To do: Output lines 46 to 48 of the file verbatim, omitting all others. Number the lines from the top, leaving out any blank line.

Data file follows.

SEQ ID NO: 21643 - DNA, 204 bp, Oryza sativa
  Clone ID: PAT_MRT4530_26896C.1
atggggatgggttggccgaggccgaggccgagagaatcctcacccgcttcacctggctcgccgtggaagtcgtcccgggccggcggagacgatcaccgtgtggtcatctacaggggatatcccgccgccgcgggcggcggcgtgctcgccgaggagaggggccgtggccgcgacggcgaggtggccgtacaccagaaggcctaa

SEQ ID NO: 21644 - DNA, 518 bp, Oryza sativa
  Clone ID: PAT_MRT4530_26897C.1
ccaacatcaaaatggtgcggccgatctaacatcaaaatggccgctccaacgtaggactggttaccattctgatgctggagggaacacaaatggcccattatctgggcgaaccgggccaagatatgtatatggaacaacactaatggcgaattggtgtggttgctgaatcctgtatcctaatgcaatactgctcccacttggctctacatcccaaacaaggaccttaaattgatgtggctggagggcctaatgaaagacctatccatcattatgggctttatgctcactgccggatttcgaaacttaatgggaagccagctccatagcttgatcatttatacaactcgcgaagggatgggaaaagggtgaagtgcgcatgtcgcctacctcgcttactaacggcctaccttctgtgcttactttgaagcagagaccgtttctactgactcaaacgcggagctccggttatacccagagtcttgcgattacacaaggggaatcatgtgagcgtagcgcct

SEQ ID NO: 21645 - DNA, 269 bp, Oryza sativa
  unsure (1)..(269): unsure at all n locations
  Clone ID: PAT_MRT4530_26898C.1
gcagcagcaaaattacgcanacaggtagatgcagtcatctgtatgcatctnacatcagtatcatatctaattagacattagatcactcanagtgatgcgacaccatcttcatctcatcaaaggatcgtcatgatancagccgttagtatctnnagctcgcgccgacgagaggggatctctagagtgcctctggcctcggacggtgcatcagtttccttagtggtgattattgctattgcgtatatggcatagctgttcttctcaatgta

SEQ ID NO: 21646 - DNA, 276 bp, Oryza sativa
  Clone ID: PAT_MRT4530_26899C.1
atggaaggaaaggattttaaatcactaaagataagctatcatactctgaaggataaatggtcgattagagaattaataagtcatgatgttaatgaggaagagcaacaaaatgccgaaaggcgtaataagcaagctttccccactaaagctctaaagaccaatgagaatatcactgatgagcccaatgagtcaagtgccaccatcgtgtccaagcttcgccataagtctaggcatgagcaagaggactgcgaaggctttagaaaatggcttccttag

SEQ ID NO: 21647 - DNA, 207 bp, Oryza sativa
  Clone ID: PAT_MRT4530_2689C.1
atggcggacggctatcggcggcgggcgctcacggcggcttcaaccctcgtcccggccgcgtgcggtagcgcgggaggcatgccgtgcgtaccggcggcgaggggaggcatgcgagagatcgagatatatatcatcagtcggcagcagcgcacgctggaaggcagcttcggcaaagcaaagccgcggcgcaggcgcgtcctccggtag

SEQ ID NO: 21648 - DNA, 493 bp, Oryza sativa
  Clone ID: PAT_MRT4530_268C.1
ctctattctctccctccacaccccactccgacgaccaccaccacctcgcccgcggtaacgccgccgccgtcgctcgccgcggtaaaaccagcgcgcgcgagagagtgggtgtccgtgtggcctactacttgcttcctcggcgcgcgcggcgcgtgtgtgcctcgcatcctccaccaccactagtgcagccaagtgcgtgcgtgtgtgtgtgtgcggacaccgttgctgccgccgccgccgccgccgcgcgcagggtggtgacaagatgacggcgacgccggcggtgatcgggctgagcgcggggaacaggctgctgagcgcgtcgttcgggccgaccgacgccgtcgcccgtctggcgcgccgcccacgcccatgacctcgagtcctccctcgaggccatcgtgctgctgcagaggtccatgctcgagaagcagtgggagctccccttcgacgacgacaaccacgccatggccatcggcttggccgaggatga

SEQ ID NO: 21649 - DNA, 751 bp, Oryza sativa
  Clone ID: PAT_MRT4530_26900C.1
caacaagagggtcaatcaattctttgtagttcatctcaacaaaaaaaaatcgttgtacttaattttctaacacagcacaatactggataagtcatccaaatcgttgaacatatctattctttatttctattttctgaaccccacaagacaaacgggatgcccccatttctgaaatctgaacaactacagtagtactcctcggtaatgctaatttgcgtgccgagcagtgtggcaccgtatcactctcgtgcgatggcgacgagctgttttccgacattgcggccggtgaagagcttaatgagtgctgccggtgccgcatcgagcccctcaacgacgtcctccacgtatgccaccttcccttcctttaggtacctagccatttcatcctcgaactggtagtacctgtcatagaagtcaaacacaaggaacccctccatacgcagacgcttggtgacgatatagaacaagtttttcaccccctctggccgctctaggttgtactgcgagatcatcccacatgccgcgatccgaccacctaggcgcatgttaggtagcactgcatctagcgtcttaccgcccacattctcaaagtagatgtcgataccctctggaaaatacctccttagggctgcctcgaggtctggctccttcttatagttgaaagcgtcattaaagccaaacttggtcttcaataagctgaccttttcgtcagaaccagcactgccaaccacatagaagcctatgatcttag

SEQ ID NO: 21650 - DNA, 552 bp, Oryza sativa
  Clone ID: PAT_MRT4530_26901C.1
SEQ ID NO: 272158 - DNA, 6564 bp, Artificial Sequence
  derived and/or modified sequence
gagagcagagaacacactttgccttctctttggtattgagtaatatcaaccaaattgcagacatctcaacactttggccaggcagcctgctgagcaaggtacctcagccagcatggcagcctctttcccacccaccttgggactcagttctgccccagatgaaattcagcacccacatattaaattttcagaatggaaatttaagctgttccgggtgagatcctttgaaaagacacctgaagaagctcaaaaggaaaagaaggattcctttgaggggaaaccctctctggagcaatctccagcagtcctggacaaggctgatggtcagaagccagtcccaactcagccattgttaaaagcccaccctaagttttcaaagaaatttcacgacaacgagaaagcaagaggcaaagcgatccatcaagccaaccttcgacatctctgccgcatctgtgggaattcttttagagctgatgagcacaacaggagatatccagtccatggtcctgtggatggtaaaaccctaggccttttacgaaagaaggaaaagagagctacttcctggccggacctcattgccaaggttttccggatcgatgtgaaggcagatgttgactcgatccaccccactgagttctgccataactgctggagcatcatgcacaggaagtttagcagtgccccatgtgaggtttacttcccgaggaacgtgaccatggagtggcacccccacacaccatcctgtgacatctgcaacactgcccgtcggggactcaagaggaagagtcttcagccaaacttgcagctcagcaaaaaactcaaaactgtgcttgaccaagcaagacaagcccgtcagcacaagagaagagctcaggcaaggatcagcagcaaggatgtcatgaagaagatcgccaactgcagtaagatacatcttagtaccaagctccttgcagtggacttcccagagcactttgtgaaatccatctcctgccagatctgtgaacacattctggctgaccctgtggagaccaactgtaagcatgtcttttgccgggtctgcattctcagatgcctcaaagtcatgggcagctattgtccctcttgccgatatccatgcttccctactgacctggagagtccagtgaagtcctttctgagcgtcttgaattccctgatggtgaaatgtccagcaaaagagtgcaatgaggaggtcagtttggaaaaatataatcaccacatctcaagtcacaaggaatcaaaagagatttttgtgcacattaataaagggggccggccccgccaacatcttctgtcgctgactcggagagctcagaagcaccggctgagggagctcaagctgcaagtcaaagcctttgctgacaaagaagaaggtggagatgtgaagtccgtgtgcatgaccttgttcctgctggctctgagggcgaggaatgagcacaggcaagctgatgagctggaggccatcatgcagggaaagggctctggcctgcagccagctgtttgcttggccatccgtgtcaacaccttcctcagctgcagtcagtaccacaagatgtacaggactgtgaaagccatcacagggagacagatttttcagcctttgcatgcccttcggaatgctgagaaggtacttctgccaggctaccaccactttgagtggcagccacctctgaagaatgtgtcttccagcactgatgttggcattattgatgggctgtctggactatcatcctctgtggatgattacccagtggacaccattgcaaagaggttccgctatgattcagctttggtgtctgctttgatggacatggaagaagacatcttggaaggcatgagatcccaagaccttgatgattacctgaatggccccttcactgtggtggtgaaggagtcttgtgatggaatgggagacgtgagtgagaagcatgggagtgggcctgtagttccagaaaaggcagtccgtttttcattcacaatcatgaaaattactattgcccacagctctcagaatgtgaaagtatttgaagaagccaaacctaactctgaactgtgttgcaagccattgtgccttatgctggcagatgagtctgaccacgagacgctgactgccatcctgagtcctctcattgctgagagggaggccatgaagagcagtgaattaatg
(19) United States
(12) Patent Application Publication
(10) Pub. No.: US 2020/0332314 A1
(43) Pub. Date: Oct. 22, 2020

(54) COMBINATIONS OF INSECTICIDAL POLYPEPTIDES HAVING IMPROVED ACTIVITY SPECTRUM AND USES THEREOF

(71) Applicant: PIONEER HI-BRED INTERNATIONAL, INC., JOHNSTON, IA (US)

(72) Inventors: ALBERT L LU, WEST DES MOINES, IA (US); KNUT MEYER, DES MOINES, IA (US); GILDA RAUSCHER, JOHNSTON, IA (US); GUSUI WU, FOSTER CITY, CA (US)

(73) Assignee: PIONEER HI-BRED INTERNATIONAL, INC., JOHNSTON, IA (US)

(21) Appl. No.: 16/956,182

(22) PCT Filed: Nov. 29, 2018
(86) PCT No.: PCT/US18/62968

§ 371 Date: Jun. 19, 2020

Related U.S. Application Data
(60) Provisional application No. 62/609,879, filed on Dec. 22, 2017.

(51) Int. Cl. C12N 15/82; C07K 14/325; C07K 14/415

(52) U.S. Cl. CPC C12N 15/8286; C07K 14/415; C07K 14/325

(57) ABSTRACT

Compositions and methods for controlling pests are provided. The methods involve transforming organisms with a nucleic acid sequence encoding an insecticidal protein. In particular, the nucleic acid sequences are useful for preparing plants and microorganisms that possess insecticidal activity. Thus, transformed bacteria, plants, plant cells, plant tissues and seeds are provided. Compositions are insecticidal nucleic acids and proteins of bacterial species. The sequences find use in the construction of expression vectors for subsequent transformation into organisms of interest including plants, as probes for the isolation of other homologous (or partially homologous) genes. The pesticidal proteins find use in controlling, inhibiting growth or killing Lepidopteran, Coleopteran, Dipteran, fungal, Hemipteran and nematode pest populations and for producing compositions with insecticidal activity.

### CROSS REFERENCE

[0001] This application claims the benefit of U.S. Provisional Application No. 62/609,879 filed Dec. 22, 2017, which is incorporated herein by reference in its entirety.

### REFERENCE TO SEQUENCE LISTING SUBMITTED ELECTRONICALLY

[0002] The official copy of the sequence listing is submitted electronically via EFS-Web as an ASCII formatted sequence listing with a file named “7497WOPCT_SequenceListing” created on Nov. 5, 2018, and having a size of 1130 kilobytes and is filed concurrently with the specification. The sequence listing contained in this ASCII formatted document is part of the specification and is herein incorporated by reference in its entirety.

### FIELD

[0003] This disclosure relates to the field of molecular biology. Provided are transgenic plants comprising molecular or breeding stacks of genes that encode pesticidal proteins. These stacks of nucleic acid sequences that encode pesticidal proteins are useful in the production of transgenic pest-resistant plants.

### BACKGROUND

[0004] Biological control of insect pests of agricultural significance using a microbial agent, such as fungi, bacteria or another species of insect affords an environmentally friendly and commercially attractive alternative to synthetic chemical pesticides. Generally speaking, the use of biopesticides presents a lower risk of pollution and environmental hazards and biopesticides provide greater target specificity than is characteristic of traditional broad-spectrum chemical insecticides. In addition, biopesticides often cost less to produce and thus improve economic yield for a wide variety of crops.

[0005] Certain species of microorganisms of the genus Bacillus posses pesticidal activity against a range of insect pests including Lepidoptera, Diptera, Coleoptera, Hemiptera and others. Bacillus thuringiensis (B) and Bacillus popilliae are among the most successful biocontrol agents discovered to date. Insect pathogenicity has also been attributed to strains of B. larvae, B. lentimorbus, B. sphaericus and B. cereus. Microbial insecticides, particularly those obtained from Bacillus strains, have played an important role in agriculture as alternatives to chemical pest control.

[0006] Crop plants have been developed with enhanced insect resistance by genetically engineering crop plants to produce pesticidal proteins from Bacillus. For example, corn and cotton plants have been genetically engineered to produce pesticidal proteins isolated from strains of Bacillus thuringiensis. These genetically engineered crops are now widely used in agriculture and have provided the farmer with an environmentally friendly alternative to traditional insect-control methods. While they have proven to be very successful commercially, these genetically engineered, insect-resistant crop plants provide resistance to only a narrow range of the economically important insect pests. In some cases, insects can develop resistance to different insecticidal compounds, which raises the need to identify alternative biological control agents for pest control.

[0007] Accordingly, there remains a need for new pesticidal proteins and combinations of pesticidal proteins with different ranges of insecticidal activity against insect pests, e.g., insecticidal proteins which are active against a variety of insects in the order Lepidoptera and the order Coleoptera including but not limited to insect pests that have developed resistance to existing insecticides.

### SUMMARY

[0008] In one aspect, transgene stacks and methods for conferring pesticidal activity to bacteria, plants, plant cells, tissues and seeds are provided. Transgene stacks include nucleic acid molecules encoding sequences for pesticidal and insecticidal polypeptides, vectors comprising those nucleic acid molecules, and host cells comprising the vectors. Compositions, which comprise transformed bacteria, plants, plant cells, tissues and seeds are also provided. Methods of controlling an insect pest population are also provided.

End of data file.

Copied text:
### CROSS REFERENCE

[0001] This application claims the benefit of U.S. Provisional Application No. 62/609,879 filed Dec. 22, 2017, which is incorporated herein by reference in its entirety.

### REFERENCE TO SEQUENCE LISTING SUBMITTED ELECTRONICALLY